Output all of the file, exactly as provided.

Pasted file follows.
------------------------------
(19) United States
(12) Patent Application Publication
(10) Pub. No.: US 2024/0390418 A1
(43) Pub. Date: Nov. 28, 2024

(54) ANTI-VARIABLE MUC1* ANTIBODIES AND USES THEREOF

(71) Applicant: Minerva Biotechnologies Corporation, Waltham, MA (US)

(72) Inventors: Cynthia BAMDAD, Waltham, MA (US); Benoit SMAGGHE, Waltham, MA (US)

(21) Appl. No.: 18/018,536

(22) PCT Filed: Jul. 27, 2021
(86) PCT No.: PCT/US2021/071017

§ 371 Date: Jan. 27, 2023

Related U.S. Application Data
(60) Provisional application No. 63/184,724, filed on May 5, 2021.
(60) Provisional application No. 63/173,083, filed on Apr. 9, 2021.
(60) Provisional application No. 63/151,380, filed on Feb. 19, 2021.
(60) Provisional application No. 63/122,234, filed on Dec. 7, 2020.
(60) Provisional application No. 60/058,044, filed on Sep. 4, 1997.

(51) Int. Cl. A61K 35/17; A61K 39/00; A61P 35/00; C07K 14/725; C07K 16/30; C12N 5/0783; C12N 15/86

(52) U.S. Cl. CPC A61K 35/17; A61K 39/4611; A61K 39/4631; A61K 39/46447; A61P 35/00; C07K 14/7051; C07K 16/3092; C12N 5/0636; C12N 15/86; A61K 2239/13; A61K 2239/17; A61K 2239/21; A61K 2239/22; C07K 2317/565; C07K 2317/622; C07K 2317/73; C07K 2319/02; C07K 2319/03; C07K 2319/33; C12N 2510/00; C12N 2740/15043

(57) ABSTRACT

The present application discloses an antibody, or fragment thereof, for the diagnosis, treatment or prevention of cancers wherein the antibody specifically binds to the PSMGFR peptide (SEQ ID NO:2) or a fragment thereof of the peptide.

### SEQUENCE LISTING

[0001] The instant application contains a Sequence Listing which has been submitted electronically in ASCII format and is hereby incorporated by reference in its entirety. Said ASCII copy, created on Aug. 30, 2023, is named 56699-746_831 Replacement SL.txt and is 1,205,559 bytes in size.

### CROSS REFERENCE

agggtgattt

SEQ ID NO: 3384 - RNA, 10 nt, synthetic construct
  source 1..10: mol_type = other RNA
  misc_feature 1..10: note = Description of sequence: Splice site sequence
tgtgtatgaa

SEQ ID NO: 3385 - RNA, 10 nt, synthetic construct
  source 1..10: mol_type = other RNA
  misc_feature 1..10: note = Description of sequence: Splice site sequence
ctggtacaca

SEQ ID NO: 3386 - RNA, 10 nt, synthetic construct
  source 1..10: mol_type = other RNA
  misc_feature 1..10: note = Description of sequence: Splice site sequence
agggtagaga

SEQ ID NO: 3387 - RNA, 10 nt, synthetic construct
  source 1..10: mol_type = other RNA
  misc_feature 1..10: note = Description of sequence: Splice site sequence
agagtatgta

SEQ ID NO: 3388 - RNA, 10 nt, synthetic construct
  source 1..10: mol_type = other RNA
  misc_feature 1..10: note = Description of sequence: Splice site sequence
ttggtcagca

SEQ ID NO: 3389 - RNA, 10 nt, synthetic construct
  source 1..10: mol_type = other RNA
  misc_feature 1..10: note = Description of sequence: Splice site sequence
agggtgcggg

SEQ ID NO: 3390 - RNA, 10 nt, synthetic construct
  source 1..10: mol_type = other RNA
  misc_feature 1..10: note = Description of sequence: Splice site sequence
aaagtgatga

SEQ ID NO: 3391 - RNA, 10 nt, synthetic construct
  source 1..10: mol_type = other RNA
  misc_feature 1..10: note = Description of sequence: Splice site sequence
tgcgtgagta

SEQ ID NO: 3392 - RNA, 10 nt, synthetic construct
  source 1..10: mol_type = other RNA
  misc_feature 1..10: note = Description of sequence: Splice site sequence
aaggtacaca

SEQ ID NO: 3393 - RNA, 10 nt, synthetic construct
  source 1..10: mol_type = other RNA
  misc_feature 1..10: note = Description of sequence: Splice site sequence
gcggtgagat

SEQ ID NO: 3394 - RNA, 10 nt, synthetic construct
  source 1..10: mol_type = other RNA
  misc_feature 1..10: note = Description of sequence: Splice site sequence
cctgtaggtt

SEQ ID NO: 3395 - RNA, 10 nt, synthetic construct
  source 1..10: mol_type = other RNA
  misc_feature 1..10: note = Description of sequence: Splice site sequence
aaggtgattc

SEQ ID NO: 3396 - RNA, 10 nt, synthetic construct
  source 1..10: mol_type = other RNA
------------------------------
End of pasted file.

(19) United States
(12) Patent Application Publication
(10) Pub. No.: US 2024/0390418 A1
(43) Pub. Date: Nov. 28, 2024

(54) ANTI-VARIABLE MUC1* ANTIBODIES AND USES THEREOF

(71) Applicant: Minerva Biotechnologies Corporation, Waltham, MA (US)

(72) Inventors: Cynthia BAMDAD, Waltham, MA (US); Benoit SMAGGHE, Waltham, MA (US)

(21) Appl. No.: 18/018,536

(22) PCT Filed: Jul. 27, 2021
(86) PCT No.: PCT/US2021/071017

§ 371 Date: Jan. 27, 2023

Related U.S. Application Data
(60) Provisional application No. 63/184,724, filed on May 5, 2021.
(60) Provisional application No. 63/173,083, filed on Apr. 9, 2021.
(60) Provisional application No. 63/151,380, filed on Feb. 19, 2021.
(60) Provisional application No. 63/122,234, filed on Dec. 7, 2020.
(60) Provisional application No. 60/058,044, filed on Sep. 4, 1997.

(51) Int. Cl. A61K 35/17; A61K 39/00; A61P 35/00; C07K 14/725; C07K 16/30; C12N 5/0783; C12N 15/86

(52) U.S. Cl. CPC A61K 35/17; A61K 39/4611; A61K 39/4631; A61K 39/46447; A61P 35/00; C07K 14/7051; C07K 16/3092; C12N 5/0636; C12N 15/86; A61K 2239/13; A61K 2239/17; A61K 2239/21; A61K 2239/22; C07K 2317/565; C07K 2317/622; C07K 2317/73; C07K 2319/02; C07K 2319/03; C07K 2319/33; C12N 2510/00; C12N 2740/15043

(57) ABSTRACT

The present application discloses an antibody, or fragment thereof, for the diagnosis, treatment or prevention of cancers wherein the antibody specifically binds to the PSMGFR peptide (SEQ ID NO:2) or a fragment thereof of the peptide.

### SEQUENCE LISTING

[0001] The instant application contains a Sequence Listing which has been submitted electronically in ASCII format and is hereby incorporated by reference in its entirety. Said ASCII copy, created on Aug. 30, 2023, is named 56699-746_831 Replacement SL.txt and is 1,205,559 bytes in size.

### CROSS REFERENCE

agggtgattt

SEQ ID NO: 3384 - RNA, 10 nt, synthetic construct
  source 1..10: mol_type = other RNA
  misc_feature 1..10: note = Description of sequence: Splice site sequence
tgtgtatgaa

SEQ ID NO: 3385 - RNA, 10 nt, synthetic construct
  source 1..10: mol_type = other RNA
  misc_feature 1..10: note = Description of sequence: Splice site sequence
ctggtacaca

SEQ ID NO: 3386 - RNA, 10 nt, synthetic construct
  source 1..10: mol_type = other RNA
  misc_feature 1..10: note = Description of sequence: Splice site sequence
agggtagaga

SEQ ID NO: 3387 - RNA, 10 nt, synthetic construct
  source 1..10: mol_type = other RNA
  misc_feature 1..10: note = Description of sequence: Splice site sequence
agagtatgta

SEQ ID NO: 3388 - RNA, 10 nt, synthetic construct
  source 1..10: mol_type = other RNA
  misc_feature 1..10: note = Description of sequence: Splice site sequence
ttggtcagca

SEQ ID NO: 3389 - RNA, 10 nt, synthetic construct
  source 1..10: mol_type = other RNA
  misc_feature 1..10: note = Description of sequence: Splice site sequence
agggtgcggg

SEQ ID NO: 3390 - RNA, 10 nt, synthetic construct
  source 1..10: mol_type = other RNA
  misc_feature 1..10: note = Description of sequence: Splice site sequence
aaagtgatga

SEQ ID NO: 3391 - RNA, 10 nt, synthetic construct
  source 1..10: mol_type = other RNA
  misc_feature 1..10: note = Description of sequence: Splice site sequence
tgcgtgagta

SEQ ID NO: 3392 - RNA, 10 nt, synthetic construct
  source 1..10: mol_type = other RNA
  misc_feature 1..10: note = Description of sequence: Splice site sequence
aaggtacaca

SEQ ID NO: 3393 - RNA, 10 nt, synthetic construct
  source 1..10: mol_type = other RNA
  misc_feature 1..10: note = Description of sequence: Splice site sequence
gcggtgagat

SEQ ID NO: 3394 - RNA, 10 nt, synthetic construct
  source 1..10: mol_type = other RNA
  misc_feature 1..10: note = Description of sequence: Splice site sequence
cctgtaggtt

SEQ ID NO: 3395 - RNA, 10 nt, synthetic construct
  source 1..10: mol_type = other RNA
  misc_feature 1..10: note = Description of sequence: Splice site sequence
aaggtgattc

SEQ ID NO: 3396 - RNA, 10 nt, synthetic construct
  source 1..10: mol_type = other RNA